What parents need to know
Parents Need to Know
Parents need to know that there is a lot of adult content here: language, sexual references, violence, and drug use (including one very detailed scene of preparation and injection of heroin). See the advisories for details. But the mature material is not glamorized, and instead shows the hardships that Rico faces as a white-looking Cuban growing up in a black and Hispanic ghetto -- and why he is desperate to run away to another life. Teens will find it easy to sympathize with Rico, who mostly tries to do the right thing -- and his story will certainly get them thinking about identity, race, poverty, addiction, and a host of other important issues.
What's the story?
Rico looks white, but he's a Cuban living in Harlem in the '60s. A bright kid who loves to read, he is often picked on, sometimes beaten, doesn't feel he belongs anywhere, has a drunken father and an angry mother, and his only friend is turning into a junkie. There's little that's good in his life. So he decides to run away, dragging the junkie friend with him, and hitchhikes to Wisconsin, where an older friend from his neighborhood is living in a ramshackle farmhouse without running water. There he finds some peace and a gas-station job, but he can't go to school, and still doesn't know where he belongs.
Is it any good?
Pulitzer-winning author Oscar Hijuelos's first young adult book is really for older teens and adults. Its subject matter is unusual: a white Cuban boy from Harlem washing up on a run-down farm in Wisconsin. Though it runs more than 400 pages of not a lot happening in between small incidents of nasty violence, and has more coolness and emotional distance than most YA books, the pages fly by, and it's engrossing from beginning to end. It's easy to see why Hijuelo's won that Pulitzer (for The Mambo Kings Play Songs of Love) -- the man can write.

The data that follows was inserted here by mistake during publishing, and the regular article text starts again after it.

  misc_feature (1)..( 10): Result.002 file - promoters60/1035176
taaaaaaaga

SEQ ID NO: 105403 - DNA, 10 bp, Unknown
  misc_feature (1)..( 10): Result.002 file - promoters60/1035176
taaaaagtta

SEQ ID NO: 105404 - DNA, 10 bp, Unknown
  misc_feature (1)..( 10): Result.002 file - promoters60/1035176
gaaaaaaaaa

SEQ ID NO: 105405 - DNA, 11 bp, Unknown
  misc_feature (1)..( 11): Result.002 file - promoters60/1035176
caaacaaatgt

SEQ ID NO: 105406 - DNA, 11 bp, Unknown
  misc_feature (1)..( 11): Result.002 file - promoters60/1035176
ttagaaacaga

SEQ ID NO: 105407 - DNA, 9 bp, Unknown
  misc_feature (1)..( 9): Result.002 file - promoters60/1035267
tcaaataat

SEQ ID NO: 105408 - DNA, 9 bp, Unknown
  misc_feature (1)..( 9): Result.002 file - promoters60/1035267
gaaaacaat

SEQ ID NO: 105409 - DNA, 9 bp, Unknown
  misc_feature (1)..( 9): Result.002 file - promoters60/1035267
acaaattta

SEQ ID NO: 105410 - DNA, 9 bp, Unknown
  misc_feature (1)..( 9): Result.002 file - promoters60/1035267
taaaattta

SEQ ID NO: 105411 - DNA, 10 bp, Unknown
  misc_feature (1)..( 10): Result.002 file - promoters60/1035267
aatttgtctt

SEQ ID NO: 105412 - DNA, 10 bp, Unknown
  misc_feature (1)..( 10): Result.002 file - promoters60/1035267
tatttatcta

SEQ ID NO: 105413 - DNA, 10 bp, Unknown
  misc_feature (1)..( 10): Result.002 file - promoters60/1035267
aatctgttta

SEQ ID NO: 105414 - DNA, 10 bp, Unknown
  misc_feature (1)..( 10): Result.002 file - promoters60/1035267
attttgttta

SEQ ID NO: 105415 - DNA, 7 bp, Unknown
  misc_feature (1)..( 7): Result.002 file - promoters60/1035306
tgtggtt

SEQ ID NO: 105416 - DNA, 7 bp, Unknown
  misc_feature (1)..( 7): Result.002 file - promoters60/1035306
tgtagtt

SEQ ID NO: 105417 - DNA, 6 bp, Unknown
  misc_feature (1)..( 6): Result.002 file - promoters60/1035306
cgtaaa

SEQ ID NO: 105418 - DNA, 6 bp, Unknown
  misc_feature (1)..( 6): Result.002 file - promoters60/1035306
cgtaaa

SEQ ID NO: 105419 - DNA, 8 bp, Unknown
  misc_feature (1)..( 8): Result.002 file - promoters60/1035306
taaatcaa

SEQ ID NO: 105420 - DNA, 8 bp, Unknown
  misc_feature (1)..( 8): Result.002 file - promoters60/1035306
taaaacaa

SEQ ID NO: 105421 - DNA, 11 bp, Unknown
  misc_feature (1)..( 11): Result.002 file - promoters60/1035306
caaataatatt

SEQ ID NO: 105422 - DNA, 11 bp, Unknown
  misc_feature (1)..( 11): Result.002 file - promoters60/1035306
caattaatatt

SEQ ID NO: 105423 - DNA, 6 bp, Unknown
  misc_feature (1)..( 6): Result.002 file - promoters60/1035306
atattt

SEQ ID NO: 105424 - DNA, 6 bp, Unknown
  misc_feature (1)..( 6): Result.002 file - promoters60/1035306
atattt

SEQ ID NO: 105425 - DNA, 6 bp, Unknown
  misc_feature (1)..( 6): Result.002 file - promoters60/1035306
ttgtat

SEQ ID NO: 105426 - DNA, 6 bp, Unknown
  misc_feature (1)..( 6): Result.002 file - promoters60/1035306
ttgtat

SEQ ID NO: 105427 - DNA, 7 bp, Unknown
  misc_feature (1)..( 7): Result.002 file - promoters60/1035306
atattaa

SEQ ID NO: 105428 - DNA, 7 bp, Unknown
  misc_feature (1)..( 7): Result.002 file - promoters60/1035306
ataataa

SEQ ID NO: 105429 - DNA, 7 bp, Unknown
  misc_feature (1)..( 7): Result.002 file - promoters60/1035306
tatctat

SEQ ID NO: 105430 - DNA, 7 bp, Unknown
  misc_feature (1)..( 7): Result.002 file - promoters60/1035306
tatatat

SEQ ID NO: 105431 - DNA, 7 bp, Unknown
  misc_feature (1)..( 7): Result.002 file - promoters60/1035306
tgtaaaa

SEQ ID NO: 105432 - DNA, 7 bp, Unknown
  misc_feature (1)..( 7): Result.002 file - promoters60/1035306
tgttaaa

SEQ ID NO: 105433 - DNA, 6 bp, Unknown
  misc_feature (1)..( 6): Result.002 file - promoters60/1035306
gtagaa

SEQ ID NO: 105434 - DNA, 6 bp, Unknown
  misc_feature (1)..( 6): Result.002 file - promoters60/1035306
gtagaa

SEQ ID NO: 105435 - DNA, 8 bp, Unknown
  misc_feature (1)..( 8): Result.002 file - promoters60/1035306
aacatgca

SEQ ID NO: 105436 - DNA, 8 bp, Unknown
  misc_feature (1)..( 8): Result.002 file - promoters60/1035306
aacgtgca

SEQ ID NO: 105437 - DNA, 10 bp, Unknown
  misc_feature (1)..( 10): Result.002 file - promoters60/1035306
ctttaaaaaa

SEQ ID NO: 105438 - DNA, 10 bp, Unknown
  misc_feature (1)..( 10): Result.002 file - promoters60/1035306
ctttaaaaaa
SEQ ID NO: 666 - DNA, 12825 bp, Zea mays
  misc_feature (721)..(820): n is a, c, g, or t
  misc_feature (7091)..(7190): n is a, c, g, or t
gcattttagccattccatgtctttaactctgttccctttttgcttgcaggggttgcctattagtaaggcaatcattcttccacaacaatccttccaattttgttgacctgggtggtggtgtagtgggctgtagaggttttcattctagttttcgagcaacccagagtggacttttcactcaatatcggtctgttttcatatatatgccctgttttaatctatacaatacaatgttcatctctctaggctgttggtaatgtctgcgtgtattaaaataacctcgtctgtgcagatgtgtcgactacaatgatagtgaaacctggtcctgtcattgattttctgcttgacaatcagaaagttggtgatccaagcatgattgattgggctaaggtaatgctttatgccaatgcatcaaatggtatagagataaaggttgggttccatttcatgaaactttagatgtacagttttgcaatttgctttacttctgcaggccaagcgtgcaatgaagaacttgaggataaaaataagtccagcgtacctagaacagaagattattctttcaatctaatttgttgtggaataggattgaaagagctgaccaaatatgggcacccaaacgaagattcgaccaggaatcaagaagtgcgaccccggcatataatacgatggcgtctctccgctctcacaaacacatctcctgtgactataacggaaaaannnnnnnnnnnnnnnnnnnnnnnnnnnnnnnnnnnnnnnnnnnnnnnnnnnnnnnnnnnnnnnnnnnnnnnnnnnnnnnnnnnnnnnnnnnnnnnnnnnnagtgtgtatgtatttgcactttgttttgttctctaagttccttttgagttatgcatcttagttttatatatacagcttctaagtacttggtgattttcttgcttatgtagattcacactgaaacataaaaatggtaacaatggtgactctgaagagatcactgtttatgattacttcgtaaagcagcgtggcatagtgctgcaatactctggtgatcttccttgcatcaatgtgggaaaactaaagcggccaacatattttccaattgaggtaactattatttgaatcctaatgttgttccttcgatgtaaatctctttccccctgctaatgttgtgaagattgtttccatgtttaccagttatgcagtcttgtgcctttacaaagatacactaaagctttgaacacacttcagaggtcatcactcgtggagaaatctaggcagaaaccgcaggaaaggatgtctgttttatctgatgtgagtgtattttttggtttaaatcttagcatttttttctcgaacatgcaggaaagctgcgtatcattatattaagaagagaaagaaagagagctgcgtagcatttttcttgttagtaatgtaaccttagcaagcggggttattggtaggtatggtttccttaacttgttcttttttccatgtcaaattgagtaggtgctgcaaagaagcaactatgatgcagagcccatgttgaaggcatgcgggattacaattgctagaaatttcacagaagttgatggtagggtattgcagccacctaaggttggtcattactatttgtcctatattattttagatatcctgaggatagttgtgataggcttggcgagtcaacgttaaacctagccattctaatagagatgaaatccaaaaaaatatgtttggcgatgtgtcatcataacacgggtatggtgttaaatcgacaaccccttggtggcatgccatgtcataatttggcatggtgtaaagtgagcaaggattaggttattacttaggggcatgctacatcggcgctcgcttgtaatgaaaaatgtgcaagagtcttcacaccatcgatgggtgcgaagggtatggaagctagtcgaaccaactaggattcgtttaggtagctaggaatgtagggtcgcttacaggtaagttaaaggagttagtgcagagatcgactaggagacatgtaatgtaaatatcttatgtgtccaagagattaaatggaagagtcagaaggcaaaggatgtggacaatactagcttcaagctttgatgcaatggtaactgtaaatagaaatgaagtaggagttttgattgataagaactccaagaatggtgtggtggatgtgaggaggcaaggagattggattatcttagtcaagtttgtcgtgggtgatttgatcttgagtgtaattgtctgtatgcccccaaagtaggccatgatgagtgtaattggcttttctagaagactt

Rico may steal comic books from the store, but he is mostly a nice kid who just wants to get along, get an education, and get out. Hijuelos adeptly sets Rico up in a no-win situation, then allows him a sort of winning, but at a cost that may be more than Rico is willing to go on paying. While few readers will relate directly to the particulars of his situation, most will relate to Rico himself, and his outsider status is universal.
Families can talk about...
Families can talk about the intense material here, which includes a school shooting and heroin use. Why do you think the author chose to include so much mature material and language? Is it appropriate to the story -- or does it feel gratuitous? What is the limit of what's appropriate in books for young adults? Is there one?
This book is set in New York City in the 1960s. How have things changed since then? Would Rico's life be different now than it was then? In what ways?